Architectural Visualization Today

Architectural illustration may have its origins in the earliest cave drawings, and documented throughout history in artists’ paintings, but it wasn’t until the 19th century when Hugh Ferriss, the American delineator and architect, defined  architectural illustration as a profession. Though trained as an architect, he focused on graphic representation of other architects building designs starting around 1912. The artistic practice of graphically representing building designs continues to this day as an integral part of the design process. Since the mid 1990’s the realm of architectural illustration has become mostly digital. There are many hand sketched and painted perspectives of buildings still being developed today, and will always be a part of the architect’s tool set, though the majority of imagery developed for public presentation is now digital 3D visualization. 

The business of “arch viz” as it’s termed in most publications, has struggled to define itself since the changeover from hand to digital representation in the late 90’s. Architectural illustration by an artist, has given way to digital architectural visualization developed by a CAD technologist, and through this transition we have seen the artistic practice of illustration give way to technical CAD models and photomontages. There are many caveats to today’s digital process, artistry has been lost, complexity has increased, timelines extended, and the service deemed a necessary evil in the world of architecture, some times devalued to a crude service offering.

“Today the digital process is necessary with the advent of integrated project deliveries, the ongoing iterative design process, and a visually saturated audience now expecting not only photo real depictions, but animations of proposed designs.”

Today the digital process is necessary with the advent of integrated project deliveries, the ongoing iterative design process, and a visually saturated audience now expecting not only photo real depictions, but animations of proposed designs. With this expected deliverable comes much pressure on the architectural practice to not only develop visualization services but to integrate this imagery with the new development of building information modeling. This combination is proving beneficial to integrated architectural, engineering and construction firms (AEC) as it allows design changes throughout the new process while providing visual imagery, construction drawings, and even animations. This new approach to achieve success in the complex requirements of today’s deliverable is a real challenge.

Now AEC firms are looking for efficiencies in the design process, extraction of cost information from BIM, and provision of high impact visuals and interactive presentations for the client – all at the same time. There is an expectation for many firms to develop the ability to provide visuals in-house, as this allows immediate imagery for review during the design process and fast turnaround visuals to convey design concepts to clients for that 9am meeting. While the skills of today’s architectural graduates can provide this, the challenge becomes availability of staff resources and consistency of imagery across multiple teams. Large AEC firms may develop their in-house visualization teams to handle their multitude of projects, but funneling enough consistent work through these teams, maintaining staff with specific skill sets, the modern practice of decentralization, and the creation of digital assets becomes both a managerial and financial challenge.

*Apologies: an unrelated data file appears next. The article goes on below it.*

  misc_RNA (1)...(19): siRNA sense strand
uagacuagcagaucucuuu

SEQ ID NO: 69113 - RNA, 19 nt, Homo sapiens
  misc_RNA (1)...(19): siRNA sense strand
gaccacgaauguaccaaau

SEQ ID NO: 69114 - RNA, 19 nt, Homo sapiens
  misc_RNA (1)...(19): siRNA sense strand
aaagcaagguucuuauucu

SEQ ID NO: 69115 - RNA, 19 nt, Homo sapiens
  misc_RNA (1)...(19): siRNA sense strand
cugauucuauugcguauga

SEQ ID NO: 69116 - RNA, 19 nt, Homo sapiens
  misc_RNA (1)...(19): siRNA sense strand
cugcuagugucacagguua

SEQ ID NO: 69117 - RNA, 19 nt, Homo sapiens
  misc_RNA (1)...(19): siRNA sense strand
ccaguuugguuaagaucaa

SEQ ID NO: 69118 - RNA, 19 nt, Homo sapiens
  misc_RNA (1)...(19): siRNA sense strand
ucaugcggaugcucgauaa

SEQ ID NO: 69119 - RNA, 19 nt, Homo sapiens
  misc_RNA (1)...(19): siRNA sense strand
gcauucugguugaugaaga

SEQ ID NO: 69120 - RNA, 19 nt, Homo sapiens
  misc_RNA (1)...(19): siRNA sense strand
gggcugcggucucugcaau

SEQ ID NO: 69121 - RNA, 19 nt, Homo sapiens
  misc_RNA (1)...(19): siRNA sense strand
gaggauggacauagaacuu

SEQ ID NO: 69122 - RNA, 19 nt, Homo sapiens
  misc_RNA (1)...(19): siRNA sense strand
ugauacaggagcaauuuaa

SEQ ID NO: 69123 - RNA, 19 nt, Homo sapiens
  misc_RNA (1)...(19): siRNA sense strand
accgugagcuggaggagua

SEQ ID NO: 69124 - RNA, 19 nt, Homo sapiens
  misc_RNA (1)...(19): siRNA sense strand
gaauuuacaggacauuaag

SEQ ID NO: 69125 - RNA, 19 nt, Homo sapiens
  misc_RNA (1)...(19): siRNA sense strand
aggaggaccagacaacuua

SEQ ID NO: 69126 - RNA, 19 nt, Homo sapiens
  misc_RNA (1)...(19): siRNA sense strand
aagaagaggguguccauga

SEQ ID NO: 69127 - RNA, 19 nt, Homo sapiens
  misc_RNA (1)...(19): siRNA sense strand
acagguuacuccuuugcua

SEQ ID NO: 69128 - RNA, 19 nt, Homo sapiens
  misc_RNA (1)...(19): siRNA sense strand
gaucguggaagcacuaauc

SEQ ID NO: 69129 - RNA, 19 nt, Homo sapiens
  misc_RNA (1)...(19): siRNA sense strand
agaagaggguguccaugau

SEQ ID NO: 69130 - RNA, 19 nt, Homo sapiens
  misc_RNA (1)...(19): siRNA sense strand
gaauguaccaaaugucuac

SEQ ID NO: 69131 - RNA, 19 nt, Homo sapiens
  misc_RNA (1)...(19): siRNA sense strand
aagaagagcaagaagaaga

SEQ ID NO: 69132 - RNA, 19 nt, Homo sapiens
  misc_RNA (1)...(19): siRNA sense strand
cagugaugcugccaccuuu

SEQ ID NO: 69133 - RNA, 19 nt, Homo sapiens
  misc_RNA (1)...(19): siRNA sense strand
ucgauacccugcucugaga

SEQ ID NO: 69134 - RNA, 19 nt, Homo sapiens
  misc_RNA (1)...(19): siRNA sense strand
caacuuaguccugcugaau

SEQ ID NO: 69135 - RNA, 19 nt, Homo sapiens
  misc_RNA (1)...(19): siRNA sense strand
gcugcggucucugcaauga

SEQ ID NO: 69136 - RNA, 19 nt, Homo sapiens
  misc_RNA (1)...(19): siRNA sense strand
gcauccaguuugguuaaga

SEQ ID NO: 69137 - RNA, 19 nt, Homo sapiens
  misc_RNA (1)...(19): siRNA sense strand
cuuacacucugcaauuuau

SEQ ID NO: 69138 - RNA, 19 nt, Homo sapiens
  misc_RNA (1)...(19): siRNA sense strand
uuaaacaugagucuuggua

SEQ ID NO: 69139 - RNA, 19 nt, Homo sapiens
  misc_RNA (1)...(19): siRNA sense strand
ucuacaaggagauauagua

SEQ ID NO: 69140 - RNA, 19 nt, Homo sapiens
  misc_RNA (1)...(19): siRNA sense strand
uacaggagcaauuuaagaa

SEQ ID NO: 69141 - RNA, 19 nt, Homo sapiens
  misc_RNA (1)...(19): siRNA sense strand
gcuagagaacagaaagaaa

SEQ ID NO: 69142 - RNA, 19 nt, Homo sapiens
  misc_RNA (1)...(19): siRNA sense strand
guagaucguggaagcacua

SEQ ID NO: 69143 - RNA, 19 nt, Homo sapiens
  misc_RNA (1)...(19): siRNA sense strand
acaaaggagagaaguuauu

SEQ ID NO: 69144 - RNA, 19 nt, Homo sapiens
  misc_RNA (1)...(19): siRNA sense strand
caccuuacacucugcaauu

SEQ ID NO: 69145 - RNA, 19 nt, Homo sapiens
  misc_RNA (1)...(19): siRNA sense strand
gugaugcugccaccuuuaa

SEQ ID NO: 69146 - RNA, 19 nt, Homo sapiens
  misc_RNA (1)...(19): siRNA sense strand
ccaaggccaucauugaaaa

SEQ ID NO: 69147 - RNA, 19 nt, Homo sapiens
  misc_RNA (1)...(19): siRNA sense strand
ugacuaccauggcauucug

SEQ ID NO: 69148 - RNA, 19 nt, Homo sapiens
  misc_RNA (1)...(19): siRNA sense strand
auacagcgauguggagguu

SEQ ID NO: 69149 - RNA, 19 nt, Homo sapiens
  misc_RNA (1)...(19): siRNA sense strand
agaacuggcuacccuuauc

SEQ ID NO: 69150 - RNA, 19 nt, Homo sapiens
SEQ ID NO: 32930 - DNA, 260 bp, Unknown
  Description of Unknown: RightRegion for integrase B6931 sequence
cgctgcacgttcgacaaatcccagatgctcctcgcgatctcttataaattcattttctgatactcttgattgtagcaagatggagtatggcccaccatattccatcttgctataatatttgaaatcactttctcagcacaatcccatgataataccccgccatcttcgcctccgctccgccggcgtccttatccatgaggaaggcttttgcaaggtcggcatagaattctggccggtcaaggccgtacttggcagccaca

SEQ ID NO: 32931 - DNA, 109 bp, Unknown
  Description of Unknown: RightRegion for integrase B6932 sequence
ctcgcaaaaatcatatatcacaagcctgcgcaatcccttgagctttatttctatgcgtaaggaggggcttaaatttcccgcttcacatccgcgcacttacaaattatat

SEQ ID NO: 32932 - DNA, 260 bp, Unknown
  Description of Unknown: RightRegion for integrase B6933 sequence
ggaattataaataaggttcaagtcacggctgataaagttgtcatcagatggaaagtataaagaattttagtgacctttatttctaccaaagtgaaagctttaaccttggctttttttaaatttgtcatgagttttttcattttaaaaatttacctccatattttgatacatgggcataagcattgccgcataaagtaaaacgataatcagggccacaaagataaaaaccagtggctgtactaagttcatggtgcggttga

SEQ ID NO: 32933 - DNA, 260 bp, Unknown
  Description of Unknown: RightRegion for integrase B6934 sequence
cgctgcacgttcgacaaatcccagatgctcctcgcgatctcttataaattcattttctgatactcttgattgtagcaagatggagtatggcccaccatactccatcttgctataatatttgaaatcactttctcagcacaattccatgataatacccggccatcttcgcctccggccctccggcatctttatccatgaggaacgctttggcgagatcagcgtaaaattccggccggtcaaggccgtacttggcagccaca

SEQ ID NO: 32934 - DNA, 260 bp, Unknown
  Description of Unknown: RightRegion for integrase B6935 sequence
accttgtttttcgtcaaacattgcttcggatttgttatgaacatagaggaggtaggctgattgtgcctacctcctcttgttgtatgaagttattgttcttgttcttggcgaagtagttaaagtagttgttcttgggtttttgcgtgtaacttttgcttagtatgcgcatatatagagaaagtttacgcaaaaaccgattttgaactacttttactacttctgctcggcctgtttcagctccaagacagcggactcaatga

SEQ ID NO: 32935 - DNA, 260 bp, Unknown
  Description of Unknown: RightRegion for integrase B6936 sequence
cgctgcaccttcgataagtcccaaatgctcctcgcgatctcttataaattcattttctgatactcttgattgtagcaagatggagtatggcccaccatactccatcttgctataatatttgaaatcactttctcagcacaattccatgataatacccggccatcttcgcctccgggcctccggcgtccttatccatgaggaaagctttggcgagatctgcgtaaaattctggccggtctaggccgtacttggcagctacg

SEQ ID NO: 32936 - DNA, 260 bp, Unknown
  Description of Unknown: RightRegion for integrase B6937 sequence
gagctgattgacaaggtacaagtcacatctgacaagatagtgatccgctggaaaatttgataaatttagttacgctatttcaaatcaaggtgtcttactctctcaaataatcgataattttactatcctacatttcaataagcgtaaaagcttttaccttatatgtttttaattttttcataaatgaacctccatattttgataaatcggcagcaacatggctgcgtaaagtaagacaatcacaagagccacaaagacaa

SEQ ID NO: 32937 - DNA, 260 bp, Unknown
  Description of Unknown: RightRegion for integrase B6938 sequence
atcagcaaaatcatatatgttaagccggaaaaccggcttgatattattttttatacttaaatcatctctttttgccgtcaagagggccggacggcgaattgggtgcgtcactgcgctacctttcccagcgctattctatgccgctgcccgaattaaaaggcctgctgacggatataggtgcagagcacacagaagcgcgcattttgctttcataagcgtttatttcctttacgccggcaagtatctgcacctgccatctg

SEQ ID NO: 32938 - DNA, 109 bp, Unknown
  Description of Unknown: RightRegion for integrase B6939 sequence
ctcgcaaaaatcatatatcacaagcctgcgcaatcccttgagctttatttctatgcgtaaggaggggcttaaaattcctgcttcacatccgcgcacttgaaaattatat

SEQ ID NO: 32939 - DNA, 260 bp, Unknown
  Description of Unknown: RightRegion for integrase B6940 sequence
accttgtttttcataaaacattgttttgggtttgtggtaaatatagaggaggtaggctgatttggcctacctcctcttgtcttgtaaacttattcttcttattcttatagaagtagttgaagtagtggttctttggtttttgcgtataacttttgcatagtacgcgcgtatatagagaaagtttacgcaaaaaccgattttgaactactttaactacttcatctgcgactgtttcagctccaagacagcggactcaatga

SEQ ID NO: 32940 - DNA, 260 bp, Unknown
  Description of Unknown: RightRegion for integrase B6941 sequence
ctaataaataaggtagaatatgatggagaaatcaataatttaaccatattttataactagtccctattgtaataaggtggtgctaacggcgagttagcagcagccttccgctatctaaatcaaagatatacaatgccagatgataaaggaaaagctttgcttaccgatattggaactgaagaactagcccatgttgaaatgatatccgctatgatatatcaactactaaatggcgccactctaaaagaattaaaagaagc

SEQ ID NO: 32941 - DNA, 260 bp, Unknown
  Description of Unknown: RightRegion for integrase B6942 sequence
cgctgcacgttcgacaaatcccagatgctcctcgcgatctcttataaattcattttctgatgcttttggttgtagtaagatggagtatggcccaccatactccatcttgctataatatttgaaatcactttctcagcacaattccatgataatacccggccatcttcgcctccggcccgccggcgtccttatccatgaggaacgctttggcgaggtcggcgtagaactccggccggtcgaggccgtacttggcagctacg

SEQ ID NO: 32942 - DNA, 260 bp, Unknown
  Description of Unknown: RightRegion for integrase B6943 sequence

Most firms maintain a relationship with a few outside artists to assist in big presentations or demanding timelines, and recently with the impact of globalization some have adopted the practice of outsourcing visuals offshore to countries like China or India. This practice is very common throughout the AEC sector and considered a natural progression to supply goods and reduce costs. In fact, the actual process of engaging offshore work can prove very frustrating and comes not without risk for stakeholders with problems arising from language barriers, repeated design change misunderstandings, lengthy back and forth review processes and possible illegal distribution of intellectual property. This engagement of offshore studios most often results in a break in the newly formed BIM process and works against the goal of an an integrated design process. 

Whether the modern AEC firm decides to adopt in-house development of visual services, outsource to individuals or agencies, or look offshore for solutions, clients and management will continue to expect beautiful images and animations on a tight timeline with that elusive push of a button, but the process is considerably more complex and requires proper planning and understanding to deliver successfully. This is the challenge for today’s architectural visualization industry, albeit in reality closer to five thousand button clicks away and much artistic development beyond the technical aspects. The key to successful architectural visualization is to have a comprehensive understanding of the design process, to take advantage of the modern technology at hand, integrate seamlessly with design teams, and strive to achieve a level of artistic merit in all imagery produced.